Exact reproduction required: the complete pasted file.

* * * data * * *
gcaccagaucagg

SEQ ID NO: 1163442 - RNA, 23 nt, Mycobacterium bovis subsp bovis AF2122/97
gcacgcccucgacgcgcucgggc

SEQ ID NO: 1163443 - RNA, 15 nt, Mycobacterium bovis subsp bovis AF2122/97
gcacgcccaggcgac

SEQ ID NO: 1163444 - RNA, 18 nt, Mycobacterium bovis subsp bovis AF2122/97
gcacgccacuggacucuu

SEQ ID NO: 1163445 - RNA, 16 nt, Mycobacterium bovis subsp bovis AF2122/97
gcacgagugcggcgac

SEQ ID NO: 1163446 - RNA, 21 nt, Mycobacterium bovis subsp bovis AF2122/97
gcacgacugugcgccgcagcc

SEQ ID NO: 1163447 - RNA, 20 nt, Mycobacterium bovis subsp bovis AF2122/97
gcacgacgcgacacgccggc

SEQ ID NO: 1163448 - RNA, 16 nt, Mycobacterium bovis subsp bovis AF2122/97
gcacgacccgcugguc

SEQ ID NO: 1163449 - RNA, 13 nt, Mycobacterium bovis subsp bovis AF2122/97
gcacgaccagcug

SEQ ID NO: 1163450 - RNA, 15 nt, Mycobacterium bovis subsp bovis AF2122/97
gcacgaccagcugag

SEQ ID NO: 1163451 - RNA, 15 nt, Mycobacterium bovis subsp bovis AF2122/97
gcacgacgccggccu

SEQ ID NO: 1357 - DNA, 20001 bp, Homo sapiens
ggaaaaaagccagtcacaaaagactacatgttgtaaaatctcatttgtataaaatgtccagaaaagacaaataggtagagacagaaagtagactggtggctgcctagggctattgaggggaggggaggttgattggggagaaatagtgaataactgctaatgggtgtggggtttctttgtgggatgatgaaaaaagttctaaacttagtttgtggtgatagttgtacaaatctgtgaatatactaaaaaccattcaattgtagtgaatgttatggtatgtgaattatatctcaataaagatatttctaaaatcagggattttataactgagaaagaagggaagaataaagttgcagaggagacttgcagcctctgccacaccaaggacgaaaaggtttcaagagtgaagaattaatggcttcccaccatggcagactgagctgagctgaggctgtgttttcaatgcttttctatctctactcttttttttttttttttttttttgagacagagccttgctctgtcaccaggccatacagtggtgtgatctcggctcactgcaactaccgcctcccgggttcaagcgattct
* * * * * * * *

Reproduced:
gcaccagaucagg

SEQ ID NO: 1163442 - RNA, 23 nt, Mycobacterium bovis subsp bovis AF2122/97
gcacgcccucgacgcgcucgggc

SEQ ID NO: 1163443 - RNA, 15 nt, Mycobacterium bovis subsp bovis AF2122/97
gcacgcccaggcgac

SEQ ID NO: 1163444 - RNA, 18 nt, Mycobacterium bovis subsp bovis AF2122/97
gcacgccacuggacucuu

SEQ ID NO: 1163445 - RNA, 16 nt, Mycobacterium bovis subsp bovis AF2122/97
gcacgagugcggcgac

SEQ ID NO: 1163446 - RNA, 21 nt, Mycobacterium bovis subsp bovis AF2122/97
gcacgacugugcgccgcagcc

SEQ ID NO: 1163447 - RNA, 20 nt, Mycobacterium bovis subsp bovis AF2122/97
gcacgacgcgacacgccggc

SEQ ID NO: 1163448 - RNA, 16 nt, Mycobacterium bovis subsp bovis AF2122/97
gcacgacccgcugguc

SEQ ID NO: 1163449 - RNA, 13 nt, Mycobacterium bovis subsp bovis AF2122/97
gcacgaccagcug

SEQ ID NO: 1163450 - RNA, 15 nt, Mycobacterium bovis subsp bovis AF2122/97
gcacgaccagcugag

SEQ ID NO: 1163451 - RNA, 15 nt, Mycobacterium bovis subsp bovis AF2122/97
gcacgacgccggccu

SEQ ID NO: 1357 - DNA, 20001 bp, Homo sapiens
ggaaaaaagccagtcacaaaagactacatgttgtaaaatctcatttgtataaaatgtccagaaaagacaaataggtagagacagaaagtagactggtggctgcctagggctattgaggggaggggaggttgattggggagaaatagtgaataactgctaatgggtgtggggtttctttgtgggatgatgaaaaaagttctaaacttagtttgtggtgatagttgtacaaatctgtgaatatactaaaaaccattcaattgtagtgaatgttatggtatgtgaattatatctcaataaagatatttctaaaatcagggattttataactgagaaagaagggaagaataaagttgcagaggagacttgcagcctctgccacaccaaggacgaaaaggtttcaagagtgaagaattaatggcttcccaccatggcagactgagctgagctgaggctgtgttttcaatgcttttctatctctactcttttttttttttttttttttttgagacagagccttgctctgtcaccaggccatacagtggtgtgatctcggctcactgcaactaccgcctcccgggttcaagcgattct